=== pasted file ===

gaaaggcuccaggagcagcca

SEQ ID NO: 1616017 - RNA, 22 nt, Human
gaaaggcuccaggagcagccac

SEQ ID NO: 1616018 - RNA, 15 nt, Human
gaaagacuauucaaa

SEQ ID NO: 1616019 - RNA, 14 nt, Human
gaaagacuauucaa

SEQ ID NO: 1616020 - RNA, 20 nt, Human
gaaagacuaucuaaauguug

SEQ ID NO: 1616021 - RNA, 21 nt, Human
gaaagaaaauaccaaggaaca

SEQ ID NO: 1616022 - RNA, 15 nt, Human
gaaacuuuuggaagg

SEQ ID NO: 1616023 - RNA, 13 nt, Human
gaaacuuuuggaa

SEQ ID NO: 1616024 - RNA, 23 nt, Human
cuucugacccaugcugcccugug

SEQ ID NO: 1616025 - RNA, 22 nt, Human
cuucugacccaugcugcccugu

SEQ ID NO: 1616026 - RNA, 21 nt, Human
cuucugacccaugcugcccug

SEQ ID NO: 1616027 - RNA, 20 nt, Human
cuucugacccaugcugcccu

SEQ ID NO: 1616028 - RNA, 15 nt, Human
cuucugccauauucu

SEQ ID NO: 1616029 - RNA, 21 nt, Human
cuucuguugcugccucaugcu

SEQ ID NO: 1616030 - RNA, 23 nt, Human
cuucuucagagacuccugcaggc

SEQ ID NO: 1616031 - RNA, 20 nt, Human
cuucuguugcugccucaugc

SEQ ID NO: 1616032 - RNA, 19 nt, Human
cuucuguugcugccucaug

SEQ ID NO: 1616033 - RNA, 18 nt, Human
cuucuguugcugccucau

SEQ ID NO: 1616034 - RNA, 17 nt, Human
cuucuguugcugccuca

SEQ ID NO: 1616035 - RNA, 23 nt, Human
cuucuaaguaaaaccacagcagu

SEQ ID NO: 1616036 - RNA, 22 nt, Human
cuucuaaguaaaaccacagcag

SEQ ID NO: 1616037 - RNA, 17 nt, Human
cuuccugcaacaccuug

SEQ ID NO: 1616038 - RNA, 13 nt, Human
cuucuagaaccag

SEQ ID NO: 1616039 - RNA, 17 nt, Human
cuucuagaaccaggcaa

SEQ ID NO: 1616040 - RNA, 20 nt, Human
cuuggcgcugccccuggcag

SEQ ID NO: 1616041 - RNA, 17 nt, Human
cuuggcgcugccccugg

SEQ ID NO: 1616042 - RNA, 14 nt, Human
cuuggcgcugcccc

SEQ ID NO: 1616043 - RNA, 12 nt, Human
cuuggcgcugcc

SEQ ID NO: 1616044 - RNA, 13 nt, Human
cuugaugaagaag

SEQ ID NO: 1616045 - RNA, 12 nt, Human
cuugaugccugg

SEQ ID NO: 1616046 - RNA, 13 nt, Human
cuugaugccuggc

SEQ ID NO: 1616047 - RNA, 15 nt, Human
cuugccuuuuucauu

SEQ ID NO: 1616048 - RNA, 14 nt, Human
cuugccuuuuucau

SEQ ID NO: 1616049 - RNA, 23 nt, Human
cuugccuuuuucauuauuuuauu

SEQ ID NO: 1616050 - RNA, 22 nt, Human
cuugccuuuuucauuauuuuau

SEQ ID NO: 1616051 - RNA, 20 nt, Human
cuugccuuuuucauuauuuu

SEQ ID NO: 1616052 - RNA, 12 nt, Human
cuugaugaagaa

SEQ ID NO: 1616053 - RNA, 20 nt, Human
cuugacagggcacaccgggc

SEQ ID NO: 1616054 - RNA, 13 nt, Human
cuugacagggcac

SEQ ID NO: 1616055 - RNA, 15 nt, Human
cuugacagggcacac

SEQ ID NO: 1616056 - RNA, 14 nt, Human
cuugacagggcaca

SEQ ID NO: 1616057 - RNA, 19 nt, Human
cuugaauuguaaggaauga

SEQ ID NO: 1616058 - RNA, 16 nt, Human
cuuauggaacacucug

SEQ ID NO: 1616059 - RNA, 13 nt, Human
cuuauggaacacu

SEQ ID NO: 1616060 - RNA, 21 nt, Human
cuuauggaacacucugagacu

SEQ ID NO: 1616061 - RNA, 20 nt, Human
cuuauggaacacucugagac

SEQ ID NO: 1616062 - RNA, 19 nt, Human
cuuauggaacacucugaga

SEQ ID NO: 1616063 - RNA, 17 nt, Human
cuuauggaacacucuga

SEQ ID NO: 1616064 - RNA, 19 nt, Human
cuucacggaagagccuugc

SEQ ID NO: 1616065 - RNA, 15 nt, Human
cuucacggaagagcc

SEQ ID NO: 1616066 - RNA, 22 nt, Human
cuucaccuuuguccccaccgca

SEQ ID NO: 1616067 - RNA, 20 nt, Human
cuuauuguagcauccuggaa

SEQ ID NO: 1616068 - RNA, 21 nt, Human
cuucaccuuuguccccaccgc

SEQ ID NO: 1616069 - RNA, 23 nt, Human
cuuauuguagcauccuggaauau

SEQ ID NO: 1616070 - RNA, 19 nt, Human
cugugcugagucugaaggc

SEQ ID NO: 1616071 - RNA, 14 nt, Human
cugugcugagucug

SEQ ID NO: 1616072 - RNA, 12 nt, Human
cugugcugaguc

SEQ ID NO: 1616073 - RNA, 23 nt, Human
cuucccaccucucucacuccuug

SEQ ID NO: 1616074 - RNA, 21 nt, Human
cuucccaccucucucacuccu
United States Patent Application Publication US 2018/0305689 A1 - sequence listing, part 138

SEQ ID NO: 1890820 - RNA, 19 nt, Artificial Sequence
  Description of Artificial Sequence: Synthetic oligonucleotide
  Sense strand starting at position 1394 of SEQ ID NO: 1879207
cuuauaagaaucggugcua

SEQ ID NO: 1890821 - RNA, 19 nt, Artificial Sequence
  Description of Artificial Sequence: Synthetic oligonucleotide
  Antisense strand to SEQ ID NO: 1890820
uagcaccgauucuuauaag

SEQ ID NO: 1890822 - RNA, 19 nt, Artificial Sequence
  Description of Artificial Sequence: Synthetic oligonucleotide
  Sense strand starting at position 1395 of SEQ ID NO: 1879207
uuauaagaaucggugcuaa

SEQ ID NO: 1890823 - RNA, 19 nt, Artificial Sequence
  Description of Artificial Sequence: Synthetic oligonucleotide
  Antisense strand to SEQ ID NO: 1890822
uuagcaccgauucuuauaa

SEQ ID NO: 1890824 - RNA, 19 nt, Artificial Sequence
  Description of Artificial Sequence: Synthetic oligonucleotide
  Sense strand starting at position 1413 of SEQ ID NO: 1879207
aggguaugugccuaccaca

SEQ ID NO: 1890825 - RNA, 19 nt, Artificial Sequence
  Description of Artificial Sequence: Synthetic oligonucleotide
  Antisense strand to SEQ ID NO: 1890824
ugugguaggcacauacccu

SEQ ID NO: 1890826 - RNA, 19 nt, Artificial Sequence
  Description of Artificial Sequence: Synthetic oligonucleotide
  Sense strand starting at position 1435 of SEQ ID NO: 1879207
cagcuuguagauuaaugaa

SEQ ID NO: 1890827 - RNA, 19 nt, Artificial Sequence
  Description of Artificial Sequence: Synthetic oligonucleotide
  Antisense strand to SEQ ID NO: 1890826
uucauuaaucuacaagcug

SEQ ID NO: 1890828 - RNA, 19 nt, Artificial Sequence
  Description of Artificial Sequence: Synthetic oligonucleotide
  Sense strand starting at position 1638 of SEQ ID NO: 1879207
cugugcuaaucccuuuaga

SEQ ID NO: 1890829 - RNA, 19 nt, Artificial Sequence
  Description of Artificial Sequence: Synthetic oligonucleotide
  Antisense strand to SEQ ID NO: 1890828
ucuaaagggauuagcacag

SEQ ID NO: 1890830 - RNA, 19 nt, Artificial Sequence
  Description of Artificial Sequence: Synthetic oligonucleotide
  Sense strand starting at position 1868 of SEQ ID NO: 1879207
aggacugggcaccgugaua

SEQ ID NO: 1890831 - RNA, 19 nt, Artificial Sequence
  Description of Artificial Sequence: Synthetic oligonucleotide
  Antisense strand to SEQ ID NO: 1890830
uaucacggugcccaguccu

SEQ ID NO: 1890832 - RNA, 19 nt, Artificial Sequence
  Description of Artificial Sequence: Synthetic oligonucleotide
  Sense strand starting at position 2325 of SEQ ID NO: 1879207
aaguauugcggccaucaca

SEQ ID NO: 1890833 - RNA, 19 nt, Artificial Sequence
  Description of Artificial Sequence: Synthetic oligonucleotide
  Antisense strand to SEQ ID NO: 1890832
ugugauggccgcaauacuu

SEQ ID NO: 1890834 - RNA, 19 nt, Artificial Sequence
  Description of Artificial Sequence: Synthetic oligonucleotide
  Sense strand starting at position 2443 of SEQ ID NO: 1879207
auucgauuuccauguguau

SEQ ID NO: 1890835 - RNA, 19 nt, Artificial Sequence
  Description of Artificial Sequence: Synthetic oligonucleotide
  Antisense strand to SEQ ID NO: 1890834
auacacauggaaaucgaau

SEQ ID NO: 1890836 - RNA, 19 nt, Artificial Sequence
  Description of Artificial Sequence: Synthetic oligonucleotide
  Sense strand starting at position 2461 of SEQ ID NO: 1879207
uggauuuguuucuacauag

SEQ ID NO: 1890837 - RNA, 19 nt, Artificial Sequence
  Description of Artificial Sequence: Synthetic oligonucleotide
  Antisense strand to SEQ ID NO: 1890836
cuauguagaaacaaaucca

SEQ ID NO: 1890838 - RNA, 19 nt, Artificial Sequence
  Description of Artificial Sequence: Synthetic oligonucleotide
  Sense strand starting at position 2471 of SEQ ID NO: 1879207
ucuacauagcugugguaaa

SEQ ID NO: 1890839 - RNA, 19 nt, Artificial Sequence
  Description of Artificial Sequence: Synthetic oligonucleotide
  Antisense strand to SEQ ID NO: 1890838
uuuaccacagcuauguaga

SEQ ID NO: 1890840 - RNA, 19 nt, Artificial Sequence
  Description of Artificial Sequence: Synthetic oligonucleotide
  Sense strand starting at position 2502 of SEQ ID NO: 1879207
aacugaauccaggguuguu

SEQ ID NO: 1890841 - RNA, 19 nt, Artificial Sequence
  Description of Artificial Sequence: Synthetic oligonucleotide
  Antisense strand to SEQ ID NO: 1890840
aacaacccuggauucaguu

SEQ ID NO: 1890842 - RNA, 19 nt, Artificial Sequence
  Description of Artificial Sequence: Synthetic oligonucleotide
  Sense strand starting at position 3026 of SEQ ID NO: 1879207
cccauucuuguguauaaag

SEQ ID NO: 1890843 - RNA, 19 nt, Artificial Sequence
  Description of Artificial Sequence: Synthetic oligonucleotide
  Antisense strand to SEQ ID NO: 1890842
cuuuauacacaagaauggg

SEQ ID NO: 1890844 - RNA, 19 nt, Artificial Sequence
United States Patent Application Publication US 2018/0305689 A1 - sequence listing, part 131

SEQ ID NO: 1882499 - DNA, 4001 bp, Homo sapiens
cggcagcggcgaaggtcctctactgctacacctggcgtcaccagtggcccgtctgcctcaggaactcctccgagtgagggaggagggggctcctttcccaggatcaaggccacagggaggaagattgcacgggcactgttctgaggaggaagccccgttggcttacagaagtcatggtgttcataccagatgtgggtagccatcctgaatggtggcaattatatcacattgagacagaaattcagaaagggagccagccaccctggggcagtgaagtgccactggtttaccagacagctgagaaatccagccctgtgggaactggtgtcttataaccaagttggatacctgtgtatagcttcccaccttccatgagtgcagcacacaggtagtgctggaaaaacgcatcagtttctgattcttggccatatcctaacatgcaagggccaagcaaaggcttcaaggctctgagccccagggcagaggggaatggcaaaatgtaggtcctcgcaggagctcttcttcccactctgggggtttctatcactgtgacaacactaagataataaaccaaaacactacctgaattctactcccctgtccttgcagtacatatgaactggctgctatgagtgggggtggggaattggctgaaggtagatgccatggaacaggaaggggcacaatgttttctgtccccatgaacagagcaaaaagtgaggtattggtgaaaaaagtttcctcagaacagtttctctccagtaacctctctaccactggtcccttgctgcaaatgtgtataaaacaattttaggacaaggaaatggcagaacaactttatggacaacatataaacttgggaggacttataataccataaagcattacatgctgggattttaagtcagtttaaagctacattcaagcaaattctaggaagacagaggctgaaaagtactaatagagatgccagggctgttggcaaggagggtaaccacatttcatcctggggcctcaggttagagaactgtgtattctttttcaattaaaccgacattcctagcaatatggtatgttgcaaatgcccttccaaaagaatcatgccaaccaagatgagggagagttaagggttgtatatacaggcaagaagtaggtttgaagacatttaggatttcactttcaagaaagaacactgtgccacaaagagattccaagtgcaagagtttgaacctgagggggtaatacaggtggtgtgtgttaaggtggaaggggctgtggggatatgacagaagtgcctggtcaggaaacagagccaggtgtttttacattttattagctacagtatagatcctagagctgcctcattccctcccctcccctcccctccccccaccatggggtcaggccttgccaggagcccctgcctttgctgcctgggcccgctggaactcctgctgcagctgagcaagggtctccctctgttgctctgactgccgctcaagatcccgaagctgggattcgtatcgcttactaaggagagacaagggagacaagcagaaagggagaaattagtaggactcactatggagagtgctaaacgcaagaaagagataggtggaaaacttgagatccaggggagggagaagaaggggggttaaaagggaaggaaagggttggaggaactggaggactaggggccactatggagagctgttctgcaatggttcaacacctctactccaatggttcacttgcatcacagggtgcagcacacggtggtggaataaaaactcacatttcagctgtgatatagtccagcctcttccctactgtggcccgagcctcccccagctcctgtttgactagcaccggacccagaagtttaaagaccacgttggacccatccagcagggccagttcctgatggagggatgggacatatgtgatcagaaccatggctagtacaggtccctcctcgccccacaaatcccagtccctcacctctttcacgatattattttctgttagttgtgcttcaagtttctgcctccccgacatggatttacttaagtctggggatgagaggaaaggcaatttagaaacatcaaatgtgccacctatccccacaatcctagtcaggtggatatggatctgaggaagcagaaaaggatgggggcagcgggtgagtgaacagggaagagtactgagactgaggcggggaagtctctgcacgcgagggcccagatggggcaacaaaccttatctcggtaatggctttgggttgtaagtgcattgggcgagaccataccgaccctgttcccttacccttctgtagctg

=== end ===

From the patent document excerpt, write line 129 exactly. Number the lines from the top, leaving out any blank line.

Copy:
  Sense strand starting at position 1395 of SEQ ID NO: 1879207